Cognitive Impairment Is Associated with Medication Nonadherence in Asymptomatic Carotid Stenosis



      Adherence to medical management of vascular risk is vital for stroke prevention in patients with asymptomatic carotid stenosis. Because carotid disease is a risk factor for cognitive impairment, we sought to determine whether undiagnosed cognitive impairment affects medication adherence in this setting.


      Sixty patients with asymptomatic ≥50% internal carotid artery stenosis without known dementia or stroke were screened for evidence of cognitive impairment using the Montreal Cognitive Assessment. Medication adherence was monitored using electronic pharmacy prescription refills. Medications studied included antiplatelet agents, statins, antihypertensives, and diabetes medications. Nonadherence was defined as a refill lag of ≥3 months during the 12 months before cognitive screening.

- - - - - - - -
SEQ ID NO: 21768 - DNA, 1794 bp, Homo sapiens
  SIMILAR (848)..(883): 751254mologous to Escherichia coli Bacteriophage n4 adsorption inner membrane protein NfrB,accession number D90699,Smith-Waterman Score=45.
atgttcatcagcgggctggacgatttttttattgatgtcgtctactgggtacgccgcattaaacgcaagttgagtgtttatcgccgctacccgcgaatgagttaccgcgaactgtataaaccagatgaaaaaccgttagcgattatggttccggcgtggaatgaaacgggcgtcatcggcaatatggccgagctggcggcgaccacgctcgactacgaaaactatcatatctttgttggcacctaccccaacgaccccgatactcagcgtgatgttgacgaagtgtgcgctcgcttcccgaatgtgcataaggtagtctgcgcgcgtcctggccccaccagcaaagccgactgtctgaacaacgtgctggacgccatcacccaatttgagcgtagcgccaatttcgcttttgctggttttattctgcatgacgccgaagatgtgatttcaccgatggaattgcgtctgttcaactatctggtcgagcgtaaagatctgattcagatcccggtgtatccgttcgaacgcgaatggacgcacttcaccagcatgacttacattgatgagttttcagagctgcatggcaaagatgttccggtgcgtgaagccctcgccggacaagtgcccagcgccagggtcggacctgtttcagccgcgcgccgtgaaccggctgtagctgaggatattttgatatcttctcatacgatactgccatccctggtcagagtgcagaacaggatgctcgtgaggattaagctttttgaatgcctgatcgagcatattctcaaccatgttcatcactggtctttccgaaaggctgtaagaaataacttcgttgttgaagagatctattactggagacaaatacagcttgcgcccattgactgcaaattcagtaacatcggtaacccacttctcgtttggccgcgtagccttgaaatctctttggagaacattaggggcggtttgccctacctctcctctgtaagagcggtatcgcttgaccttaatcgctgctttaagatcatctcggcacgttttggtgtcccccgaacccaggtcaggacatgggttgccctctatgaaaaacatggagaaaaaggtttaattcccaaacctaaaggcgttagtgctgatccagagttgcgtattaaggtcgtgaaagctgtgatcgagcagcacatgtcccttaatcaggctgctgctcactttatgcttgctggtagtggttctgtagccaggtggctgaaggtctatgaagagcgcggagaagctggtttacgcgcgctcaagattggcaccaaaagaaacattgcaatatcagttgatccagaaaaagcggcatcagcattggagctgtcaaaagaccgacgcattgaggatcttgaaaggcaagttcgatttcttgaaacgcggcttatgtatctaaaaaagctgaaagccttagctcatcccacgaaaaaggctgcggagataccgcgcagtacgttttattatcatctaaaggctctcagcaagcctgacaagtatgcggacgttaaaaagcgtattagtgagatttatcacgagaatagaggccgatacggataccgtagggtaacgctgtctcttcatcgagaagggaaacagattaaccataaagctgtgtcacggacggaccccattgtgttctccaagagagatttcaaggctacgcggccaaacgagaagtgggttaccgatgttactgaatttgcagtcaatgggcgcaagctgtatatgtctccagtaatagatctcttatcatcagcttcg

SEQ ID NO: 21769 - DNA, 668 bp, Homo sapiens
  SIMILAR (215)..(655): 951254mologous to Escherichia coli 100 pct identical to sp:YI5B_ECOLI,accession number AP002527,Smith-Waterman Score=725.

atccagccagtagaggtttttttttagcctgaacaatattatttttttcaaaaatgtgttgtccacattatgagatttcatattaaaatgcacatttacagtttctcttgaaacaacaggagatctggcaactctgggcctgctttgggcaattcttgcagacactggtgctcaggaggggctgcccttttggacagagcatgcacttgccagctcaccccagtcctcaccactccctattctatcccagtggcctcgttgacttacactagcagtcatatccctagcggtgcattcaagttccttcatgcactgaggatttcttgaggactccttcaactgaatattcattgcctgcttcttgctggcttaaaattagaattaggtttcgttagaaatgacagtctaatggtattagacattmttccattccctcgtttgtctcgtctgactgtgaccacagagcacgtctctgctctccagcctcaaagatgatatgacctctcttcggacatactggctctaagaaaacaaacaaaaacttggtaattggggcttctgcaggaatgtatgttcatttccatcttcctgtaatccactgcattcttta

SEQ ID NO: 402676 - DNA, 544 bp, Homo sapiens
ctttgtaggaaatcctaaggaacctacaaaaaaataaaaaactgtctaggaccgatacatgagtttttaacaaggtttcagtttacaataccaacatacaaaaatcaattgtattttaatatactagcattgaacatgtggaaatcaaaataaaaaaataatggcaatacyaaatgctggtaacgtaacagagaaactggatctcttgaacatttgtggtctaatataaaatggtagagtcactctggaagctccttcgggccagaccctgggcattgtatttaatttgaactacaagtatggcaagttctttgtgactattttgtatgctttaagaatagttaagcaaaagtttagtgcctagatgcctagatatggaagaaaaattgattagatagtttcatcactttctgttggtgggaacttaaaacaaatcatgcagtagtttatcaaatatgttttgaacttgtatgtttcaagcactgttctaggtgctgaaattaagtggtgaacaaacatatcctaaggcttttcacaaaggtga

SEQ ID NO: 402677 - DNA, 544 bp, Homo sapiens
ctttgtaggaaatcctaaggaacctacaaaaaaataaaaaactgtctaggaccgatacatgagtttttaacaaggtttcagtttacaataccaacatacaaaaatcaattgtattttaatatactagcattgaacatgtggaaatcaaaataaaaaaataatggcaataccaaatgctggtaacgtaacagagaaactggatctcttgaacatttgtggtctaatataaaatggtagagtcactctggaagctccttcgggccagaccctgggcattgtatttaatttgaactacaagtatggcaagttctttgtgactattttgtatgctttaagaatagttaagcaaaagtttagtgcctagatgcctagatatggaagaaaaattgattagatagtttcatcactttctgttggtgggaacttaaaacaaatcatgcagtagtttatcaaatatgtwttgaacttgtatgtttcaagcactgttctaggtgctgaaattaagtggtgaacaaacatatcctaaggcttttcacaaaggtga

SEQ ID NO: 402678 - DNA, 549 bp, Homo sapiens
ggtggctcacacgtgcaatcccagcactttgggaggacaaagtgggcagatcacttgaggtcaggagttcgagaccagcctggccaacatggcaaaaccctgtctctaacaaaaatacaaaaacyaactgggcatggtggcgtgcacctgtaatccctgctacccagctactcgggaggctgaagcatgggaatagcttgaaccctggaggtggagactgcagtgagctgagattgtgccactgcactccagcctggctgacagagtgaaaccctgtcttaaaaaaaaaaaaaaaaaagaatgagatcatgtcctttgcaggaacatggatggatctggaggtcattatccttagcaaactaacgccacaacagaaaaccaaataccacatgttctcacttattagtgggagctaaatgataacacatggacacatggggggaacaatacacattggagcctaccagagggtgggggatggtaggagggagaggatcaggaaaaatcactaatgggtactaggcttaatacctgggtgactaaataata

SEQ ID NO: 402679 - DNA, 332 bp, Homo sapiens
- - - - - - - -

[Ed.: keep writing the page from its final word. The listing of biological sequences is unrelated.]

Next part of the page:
Sixty percent of patients (36/60) had evidence of cognitive impairment (Montreal Cognitive Assessment <26). Medication adherence was noted in 31% (11/36) of cognitively impaired patients and 88% (21/24) of patients without cognitive impairment (P < .0001). Antiplatelet therapy adherence was significantly lower among cognitively impaired patients compared with those without cognitive impairment (P = .009). A trend toward decreased adherence to statins (P = .09) and antihypertensives (P = .06) was observed.


      Medication adherence in patients with asymptomatic carotid stenosis is significantly reduced among those with undiagnosed cognitive impairment. Cognitive screening of asymptomatic patients with carotid stenosis identifies those who may benefit from increased supervision to improve medication adherence.


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